Judd  LLAkiskal  HSSchettler  PJEndicott  JMaser  JSolomon  DALeon  ACRice  JAKeller  MB The long-term natural history of the weekly symptomatic status of bipolar I disorder. Arch Gen Psychiatry. 2002;59530- 537
Link to Article
Katz  MMKlerman  G Introduction: overview of the Clinical Studies Program. Am J Psychiatry. 1979;13649- 51
Katz  MMSecunda  SKHirschfeld  RMAKoslow  SH NIMH Clinical Research Branch Collaborative Program on the Psychobiology of Depression. Arch Gen Psychiatry. 1979;36765- 772
Link to Article
Spitzer  RLEndicott  JRobins  E Research Diagnostic Criteria for a Selected Group of Functional Disorders. 3rd New York Biometrics Research Division, New York State PsychiatricInstitute1977;
Spitzer  RLEndicott  J Schedule for Affective Disorders and Schizophrenia (SADS). 3rd New York Biometrics Research Division, New York State PsychiatricInstitute1979;
Keller  MBLavori  PWFreidman  BNielsen  EEndicott  JMcDonald-Scott  PAndreasen  NC The Longitudinal Interval Follow-up Evaluation: a comprehensive method for assessing outcome in prospective longitudinal studies. Arch Gen Psychiatry. 1987;44540- 548
Link to Article
Goodwin  FKJamison  KR The natural course of manic-depressive illness. Post  RMBallenger  JCedsNeurobiology of Mood Disorders: Frontiers of Clinical Neuroscience, Volume 1 Baltimore, Md Williams & Wilkins1984;20- 37
Winokur  GCoryell  WKeller  MEndicott  JAkiskal  H A prospective follow-up of patients with bipolar and primary unipolar affective disorder. Arch Gen Psychiatry. 1993;50457- 465
Link to Article
Coryell  WTurvey  CEndicott  JLeon  ACMueller  TSolomon  DKeller  M Bipolar I affective disorder: predictors of outcome after 15 years. J Affect Disord. 1998;50109- 116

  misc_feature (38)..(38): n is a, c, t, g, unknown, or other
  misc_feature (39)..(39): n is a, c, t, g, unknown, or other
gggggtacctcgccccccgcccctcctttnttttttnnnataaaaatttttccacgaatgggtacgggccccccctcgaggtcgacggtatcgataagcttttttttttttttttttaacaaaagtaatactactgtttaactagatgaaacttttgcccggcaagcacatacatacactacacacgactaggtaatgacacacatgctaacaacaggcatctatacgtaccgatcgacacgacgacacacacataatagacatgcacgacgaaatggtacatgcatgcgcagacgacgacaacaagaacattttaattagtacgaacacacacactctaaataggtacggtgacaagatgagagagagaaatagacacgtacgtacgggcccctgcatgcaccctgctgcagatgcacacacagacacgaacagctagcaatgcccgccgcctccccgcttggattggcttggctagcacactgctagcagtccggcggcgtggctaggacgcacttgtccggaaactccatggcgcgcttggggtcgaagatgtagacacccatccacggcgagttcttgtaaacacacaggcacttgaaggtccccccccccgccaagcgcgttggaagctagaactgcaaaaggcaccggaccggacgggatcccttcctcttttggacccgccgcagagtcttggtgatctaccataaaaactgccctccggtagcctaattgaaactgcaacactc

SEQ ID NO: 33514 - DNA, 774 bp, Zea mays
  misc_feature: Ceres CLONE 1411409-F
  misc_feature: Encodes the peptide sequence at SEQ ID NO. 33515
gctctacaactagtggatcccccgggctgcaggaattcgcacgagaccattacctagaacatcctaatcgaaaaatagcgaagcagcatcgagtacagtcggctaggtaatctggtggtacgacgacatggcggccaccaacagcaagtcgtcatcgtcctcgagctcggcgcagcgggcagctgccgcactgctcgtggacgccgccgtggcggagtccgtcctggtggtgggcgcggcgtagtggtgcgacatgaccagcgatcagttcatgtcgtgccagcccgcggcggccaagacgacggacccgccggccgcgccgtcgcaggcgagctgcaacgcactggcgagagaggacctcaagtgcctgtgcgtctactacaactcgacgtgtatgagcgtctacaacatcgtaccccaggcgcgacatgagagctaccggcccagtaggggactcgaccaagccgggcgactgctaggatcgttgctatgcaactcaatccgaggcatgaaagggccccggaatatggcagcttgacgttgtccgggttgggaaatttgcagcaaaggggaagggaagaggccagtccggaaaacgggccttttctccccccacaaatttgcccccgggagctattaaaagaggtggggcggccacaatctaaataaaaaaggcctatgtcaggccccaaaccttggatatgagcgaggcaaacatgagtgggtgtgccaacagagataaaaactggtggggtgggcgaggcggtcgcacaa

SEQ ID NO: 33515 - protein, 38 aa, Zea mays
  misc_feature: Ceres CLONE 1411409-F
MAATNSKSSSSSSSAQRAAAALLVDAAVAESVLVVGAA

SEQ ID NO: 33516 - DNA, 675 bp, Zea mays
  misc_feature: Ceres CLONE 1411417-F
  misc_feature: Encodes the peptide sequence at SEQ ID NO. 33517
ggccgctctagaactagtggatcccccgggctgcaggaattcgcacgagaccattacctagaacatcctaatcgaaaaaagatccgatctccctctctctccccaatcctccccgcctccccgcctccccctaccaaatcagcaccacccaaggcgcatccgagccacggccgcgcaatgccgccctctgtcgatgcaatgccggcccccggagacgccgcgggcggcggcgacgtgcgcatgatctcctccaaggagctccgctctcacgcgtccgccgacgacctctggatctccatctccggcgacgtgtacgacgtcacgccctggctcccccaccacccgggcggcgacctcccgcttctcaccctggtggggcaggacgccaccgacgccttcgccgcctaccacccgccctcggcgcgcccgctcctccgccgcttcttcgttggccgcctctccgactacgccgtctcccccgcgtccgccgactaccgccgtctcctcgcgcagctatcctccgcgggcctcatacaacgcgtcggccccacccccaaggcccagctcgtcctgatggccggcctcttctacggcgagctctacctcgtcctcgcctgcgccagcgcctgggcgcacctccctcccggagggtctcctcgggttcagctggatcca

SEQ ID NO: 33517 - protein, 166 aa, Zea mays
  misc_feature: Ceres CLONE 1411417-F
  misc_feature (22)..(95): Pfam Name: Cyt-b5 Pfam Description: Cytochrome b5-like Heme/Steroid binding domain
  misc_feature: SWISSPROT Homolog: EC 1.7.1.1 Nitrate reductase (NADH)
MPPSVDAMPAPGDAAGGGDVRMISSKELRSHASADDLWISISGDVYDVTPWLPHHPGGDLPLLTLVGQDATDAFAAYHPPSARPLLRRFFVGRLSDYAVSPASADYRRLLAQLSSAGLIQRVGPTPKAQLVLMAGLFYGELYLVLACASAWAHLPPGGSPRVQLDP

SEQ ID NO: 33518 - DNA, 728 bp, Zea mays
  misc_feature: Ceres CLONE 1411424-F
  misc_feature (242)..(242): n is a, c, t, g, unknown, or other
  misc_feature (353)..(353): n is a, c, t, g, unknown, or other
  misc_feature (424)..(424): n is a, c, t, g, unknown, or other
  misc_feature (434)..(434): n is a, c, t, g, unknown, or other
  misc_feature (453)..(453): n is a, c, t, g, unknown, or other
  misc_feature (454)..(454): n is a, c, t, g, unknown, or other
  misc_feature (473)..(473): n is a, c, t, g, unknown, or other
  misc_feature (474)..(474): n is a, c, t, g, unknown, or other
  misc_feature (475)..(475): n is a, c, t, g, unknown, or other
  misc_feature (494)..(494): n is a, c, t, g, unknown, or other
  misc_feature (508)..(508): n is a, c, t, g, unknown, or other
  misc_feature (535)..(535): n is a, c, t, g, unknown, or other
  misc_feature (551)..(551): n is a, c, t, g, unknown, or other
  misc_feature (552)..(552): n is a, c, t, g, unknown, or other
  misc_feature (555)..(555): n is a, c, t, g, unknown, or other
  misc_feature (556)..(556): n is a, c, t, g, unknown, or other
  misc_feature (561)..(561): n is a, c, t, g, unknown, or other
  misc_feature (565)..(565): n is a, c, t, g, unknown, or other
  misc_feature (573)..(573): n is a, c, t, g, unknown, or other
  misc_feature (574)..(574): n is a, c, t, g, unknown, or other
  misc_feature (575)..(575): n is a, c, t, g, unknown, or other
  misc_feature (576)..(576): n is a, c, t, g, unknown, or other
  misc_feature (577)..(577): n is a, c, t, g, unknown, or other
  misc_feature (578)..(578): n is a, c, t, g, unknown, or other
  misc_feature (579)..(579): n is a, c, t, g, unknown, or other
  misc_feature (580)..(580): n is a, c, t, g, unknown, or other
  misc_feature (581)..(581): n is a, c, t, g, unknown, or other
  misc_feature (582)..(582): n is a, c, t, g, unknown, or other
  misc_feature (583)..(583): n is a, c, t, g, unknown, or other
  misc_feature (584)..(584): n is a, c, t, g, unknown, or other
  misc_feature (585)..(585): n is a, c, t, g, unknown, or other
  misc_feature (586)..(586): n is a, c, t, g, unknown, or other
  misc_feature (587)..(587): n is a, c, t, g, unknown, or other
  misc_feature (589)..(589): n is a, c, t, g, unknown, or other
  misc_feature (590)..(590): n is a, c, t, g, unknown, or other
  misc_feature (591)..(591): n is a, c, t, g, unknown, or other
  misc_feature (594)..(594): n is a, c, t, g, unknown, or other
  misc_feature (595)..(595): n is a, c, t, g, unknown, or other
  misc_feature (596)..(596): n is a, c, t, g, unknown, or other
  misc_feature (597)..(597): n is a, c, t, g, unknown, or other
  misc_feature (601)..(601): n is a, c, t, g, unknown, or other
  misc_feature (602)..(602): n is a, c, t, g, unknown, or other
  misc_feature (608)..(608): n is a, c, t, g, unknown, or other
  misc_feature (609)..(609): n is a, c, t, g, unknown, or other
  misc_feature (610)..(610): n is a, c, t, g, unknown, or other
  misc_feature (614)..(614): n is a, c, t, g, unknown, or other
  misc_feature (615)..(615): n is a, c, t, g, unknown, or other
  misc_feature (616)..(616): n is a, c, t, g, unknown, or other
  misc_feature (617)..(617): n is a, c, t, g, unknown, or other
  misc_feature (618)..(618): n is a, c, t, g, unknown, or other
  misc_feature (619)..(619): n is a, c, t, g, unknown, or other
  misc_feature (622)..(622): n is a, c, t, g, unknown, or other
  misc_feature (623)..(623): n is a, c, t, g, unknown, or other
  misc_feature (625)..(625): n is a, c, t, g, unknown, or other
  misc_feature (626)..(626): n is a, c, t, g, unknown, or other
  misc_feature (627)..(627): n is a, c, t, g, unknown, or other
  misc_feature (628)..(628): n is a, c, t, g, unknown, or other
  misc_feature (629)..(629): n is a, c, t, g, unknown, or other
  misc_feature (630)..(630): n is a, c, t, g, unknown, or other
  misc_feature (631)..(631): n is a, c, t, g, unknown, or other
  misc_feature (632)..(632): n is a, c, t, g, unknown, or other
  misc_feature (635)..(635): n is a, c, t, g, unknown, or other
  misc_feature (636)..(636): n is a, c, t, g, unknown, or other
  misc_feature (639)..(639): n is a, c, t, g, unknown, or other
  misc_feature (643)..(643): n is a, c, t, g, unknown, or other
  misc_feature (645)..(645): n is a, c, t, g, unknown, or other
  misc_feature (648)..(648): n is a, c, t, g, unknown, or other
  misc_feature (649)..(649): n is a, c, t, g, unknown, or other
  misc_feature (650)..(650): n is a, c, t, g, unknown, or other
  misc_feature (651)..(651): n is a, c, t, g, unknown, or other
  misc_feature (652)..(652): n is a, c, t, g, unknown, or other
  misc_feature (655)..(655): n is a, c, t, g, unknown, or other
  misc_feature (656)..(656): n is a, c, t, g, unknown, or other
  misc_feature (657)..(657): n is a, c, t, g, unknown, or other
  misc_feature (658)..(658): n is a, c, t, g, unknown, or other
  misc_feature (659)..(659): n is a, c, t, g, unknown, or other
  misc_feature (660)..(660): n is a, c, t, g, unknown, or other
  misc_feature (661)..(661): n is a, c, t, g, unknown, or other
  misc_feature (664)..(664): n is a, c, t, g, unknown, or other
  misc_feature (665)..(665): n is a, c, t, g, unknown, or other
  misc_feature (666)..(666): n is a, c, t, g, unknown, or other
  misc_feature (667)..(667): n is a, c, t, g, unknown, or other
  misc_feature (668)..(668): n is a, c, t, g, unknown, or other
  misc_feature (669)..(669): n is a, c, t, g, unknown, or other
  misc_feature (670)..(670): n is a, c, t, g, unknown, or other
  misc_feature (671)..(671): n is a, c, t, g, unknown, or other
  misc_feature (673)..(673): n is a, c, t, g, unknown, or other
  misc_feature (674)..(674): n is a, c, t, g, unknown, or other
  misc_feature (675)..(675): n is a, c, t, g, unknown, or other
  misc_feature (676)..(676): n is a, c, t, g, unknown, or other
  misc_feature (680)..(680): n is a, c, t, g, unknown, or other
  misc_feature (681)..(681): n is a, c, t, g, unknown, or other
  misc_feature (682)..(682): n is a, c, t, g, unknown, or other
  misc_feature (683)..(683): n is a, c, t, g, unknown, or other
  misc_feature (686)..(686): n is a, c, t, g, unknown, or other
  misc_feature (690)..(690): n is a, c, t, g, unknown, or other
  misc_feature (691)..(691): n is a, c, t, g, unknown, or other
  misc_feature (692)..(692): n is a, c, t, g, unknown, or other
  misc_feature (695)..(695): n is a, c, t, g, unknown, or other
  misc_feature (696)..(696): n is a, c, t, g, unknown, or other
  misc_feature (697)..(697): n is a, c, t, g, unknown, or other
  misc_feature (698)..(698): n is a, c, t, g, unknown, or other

Link to Article
Turvey  CLCoryell  WHSolomon  DALeon  ACEndicott  JKeller  MAkiskal  H Long-term prognosis of bipolar I disorder. Acta Psychiatr Scand. 1999;99110- 119
Link to Article
Turvey  CLCoryell  WHArndt  SSolomon  DALeon  ACEndicott  JMueller  TKeller  MAkiskal  H Polarity sequence, depression and chronicity of bipolar I disorder. J Nerv Ment Dis. 1999;187181- 187
Link to Article
Coryell  WKeller  MEndicott  JAndreasen  NClayton  PHirschfeld  R Bipolar II illness: course and outcome over a five-year period. Psychol Med. 1989;19129- 141
Link to Article
Winokur  GCoryell  HSAkiskal  HSEndicott  JKeller  MMueller  T Manic-depressive (bipolar) disorder: the course in light of a prospective ten-year follow-up of 131 patients. Acta Psychiatr Scand. 1994;89102- 110
Link to Article
Post  REBallanger  WP The Neurobiology of Mood Disorder.  New York, NY Plenum Publishing Corp1990;
Kessing  LVAndersen  PKMortensen  PBBolwig  TG Clinical consequences of sensitisation in affective disorder: a case register study. J Affect Disord. 1998;4741- 47
Link to Article
Keller  MBLavori  PWCoryell  WAndreasen  NCEndicott  JClayton  PJKlerman  GLHirschfeld  RMA Differential outcome of pure manic, mixed/cycling, and pure depressive episodes in patients with bipolar illness. JAMA. 1986;2553138- 3142
Link to Article